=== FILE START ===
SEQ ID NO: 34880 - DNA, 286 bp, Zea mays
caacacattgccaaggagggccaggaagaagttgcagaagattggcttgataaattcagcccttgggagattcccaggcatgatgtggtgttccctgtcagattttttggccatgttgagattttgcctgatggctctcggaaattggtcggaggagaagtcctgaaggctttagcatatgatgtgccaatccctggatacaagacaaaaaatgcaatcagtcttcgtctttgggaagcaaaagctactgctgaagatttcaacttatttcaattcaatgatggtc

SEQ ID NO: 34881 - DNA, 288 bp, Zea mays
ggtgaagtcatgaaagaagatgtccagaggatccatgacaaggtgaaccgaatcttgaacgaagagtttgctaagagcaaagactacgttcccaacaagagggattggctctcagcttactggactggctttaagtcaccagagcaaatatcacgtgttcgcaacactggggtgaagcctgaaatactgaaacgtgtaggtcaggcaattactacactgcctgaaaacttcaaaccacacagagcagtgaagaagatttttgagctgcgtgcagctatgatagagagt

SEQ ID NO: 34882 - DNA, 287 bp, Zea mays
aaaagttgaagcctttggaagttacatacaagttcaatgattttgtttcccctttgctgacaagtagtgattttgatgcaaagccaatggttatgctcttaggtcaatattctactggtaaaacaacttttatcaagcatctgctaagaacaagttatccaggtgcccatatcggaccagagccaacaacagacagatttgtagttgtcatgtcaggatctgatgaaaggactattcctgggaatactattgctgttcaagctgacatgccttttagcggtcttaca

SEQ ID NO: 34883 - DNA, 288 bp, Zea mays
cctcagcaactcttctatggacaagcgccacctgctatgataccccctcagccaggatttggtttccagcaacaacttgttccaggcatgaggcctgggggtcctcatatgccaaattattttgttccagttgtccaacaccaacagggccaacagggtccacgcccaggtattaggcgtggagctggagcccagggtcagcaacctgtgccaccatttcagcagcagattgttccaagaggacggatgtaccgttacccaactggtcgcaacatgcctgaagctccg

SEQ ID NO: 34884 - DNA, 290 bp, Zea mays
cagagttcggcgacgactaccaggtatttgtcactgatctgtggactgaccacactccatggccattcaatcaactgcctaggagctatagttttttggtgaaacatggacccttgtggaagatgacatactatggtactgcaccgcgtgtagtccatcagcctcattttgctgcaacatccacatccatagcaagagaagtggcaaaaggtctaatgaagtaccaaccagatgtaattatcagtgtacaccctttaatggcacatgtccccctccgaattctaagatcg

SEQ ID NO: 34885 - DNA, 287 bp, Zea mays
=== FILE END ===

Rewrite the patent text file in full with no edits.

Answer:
SEQ ID NO: 34880 - DNA, 286 bp, Zea mays
caacacattgccaaggagggccaggaagaagttgcagaagattggcttgataaattcagcccttgggagattcccaggcatgatgtggtgttccctgtcagattttttggccatgttgagattttgcctgatggctctcggaaattggtcggaggagaagtcctgaaggctttagcatatgatgtgccaatccctggatacaagacaaaaaatgcaatcagtcttcgtctttgggaagcaaaagctactgctgaagatttcaacttatttcaattcaatgatggtc

SEQ ID NO: 34881 - DNA, 288 bp, Zea mays
ggtgaagtcatgaaagaagatgtccagaggatccatgacaaggtgaaccgaatcttgaacgaagagtttgctaagagcaaagactacgttcccaacaagagggattggctctcagcttactggactggctttaagtcaccagagcaaatatcacgtgttcgcaacactggggtgaagcctgaaatactgaaacgtgtaggtcaggcaattactacactgcctgaaaacttcaaaccacacagagcagtgaagaagatttttgagctgcgtgcagctatgatagagagt

SEQ ID NO: 34882 - DNA, 287 bp, Zea mays
aaaagttgaagcctttggaagttacatacaagttcaatgattttgtttcccctttgctgacaagtagtgattttgatgcaaagccaatggttatgctcttaggtcaatattctactggtaaaacaacttttatcaagcatctgctaagaacaagttatccaggtgcccatatcggaccagagccaacaacagacagatttgtagttgtcatgtcaggatctgatgaaaggactattcctgggaatactattgctgttcaagctgacatgccttttagcggtcttaca

SEQ ID NO: 34883 - DNA, 288 bp, Zea mays
cctcagcaactcttctatggacaagcgccacctgctatgataccccctcagccaggatttggtttccagcaacaacttgttccaggcatgaggcctgggggtcctcatatgccaaattattttgttccagttgtccaacaccaacagggccaacagggtccacgcccaggtattaggcgtggagctggagcccagggtcagcaacctgtgccaccatttcagcagcagattgttccaagaggacggatgtaccgttacccaactggtcgcaacatgcctgaagctccg

SEQ ID NO: 34884 - DNA, 290 bp, Zea mays
cagagttcggcgacgactaccaggtatttgtcactgatctgtggactgaccacactccatggccattcaatcaactgcctaggagctatagttttttggtgaaacatggacccttgtggaagatgacatactatggtactgcaccgcgtgtagtccatcagcctcattttgctgcaacatccacatccatagcaagagaagtggcaaaaggtctaatgaagtaccaaccagatgtaattatcagtgtacaccctttaatggcacatgtccccctccgaattctaagatcg

SEQ ID NO: 34885 - DNA, 287 bp, Zea mays